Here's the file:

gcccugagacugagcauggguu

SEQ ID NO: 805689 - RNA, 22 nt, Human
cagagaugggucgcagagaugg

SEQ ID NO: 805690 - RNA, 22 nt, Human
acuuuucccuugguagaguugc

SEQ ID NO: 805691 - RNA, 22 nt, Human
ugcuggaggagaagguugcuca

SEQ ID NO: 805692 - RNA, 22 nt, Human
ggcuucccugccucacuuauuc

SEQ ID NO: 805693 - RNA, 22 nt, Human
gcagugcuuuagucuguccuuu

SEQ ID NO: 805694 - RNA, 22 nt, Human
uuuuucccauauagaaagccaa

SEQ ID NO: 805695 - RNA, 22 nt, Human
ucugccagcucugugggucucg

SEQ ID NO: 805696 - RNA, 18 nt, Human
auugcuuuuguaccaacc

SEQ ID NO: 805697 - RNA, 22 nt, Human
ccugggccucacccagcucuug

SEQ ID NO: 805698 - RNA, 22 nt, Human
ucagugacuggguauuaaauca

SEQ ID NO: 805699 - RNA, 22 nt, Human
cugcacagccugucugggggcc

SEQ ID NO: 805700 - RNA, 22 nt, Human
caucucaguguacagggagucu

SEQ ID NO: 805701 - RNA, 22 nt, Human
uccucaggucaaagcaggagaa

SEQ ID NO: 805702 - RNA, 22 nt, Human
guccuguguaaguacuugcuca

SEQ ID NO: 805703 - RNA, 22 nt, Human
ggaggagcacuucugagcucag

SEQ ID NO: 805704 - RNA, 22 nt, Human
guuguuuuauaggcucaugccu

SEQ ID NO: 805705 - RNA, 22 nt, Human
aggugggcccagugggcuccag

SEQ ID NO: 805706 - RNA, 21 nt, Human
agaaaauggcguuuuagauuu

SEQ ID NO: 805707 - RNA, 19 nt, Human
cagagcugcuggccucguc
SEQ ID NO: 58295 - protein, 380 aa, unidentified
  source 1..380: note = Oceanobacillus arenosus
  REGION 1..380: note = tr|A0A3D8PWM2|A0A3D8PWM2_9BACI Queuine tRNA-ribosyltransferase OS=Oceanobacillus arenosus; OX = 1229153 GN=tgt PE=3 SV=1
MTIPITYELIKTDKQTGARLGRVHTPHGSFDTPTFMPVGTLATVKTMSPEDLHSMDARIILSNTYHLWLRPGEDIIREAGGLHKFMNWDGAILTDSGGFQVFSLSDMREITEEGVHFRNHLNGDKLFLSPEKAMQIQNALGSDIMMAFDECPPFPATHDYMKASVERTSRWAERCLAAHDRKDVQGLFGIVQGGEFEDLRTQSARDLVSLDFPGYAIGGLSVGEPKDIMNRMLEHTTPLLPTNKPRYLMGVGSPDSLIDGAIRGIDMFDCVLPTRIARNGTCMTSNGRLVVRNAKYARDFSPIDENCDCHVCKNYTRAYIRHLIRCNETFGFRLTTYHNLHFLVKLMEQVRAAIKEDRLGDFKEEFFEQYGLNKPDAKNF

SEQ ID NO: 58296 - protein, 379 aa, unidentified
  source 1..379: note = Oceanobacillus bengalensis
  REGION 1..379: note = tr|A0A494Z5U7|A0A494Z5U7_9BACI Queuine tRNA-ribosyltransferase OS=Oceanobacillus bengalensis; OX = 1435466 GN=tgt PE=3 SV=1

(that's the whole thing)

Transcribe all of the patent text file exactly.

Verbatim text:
gcccugagacugagcauggguu

SEQ ID NO: 805689 - RNA, 22 nt, Human
cagagaugggucgcagagaugg

SEQ ID NO: 805690 - RNA, 22 nt, Human
acuuuucccuugguagaguugc

SEQ ID NO: 805691 - RNA, 22 nt, Human
ugcuggaggagaagguugcuca

SEQ ID NO: 805692 - RNA, 22 nt, Human
ggcuucccugccucacuuauuc

SEQ ID NO: 805693 - RNA, 22 nt, Human
gcagugcuuuagucuguccuuu

SEQ ID NO: 805694 - RNA, 22 nt, Human
uuuuucccauauagaaagccaa

SEQ ID NO: 805695 - RNA, 22 nt, Human
ucugccagcucugugggucucg

SEQ ID NO: 805696 - RNA, 18 nt, Human
auugcuuuuguaccaacc

SEQ ID NO: 805697 - RNA, 22 nt, Human
ccugggccucacccagcucuug

SEQ ID NO: 805698 - RNA, 22 nt, Human
ucagugacuggguauuaaauca

SEQ ID NO: 805699 - RNA, 22 nt, Human
cugcacagccugucugggggcc

SEQ ID NO: 805700 - RNA, 22 nt, Human
caucucaguguacagggagucu

SEQ ID NO: 805701 - RNA, 22 nt, Human
uccucaggucaaagcaggagaa

SEQ ID NO: 805702 - RNA, 22 nt, Human
guccuguguaaguacuugcuca

SEQ ID NO: 805703 - RNA, 22 nt, Human
ggaggagcacuucugagcucag

SEQ ID NO: 805704 - RNA, 22 nt, Human
guuguuuuauaggcucaugccu

SEQ ID NO: 805705 - RNA, 22 nt, Human
aggugggcccagugggcuccag

SEQ ID NO: 805706 - RNA, 21 nt, Human
agaaaauggcguuuuagauuu

SEQ ID NO: 805707 - RNA, 19 nt, Human
cagagcugcuggccucguc
SEQ ID NO: 58295 - protein, 380 aa, unidentified
  source 1..380: note = Oceanobacillus arenosus
  REGION 1..380: note = tr|A0A3D8PWM2|A0A3D8PWM2_9BACI Queuine tRNA-ribosyltransferase OS=Oceanobacillus arenosus; OX = 1229153 GN=tgt PE=3 SV=1
MTIPITYELIKTDKQTGARLGRVHTPHGSFDTPTFMPVGTLATVKTMSPEDLHSMDARIILSNTYHLWLRPGEDIIREAGGLHKFMNWDGAILTDSGGFQVFSLSDMREITEEGVHFRNHLNGDKLFLSPEKAMQIQNALGSDIMMAFDECPPFPATHDYMKASVERTSRWAERCLAAHDRKDVQGLFGIVQGGEFEDLRTQSARDLVSLDFPGYAIGGLSVGEPKDIMNRMLEHTTPLLPTNKPRYLMGVGSPDSLIDGAIRGIDMFDCVLPTRIARNGTCMTSNGRLVVRNAKYARDFSPIDENCDCHVCKNYTRAYIRHLIRCNETFGFRLTTYHNLHFLVKLMEQVRAAIKEDRLGDFKEEFFEQYGLNKPDAKNF

SEQ ID NO: 58296 - protein, 379 aa, unidentified
  source 1..379: note = Oceanobacillus bengalensis
  REGION 1..379: note = tr|A0A494Z5U7|A0A494Z5U7_9BACI Queuine tRNA-ribosyltransferase OS=Oceanobacillus bengalensis; OX = 1435466 GN=tgt PE=3 SV=1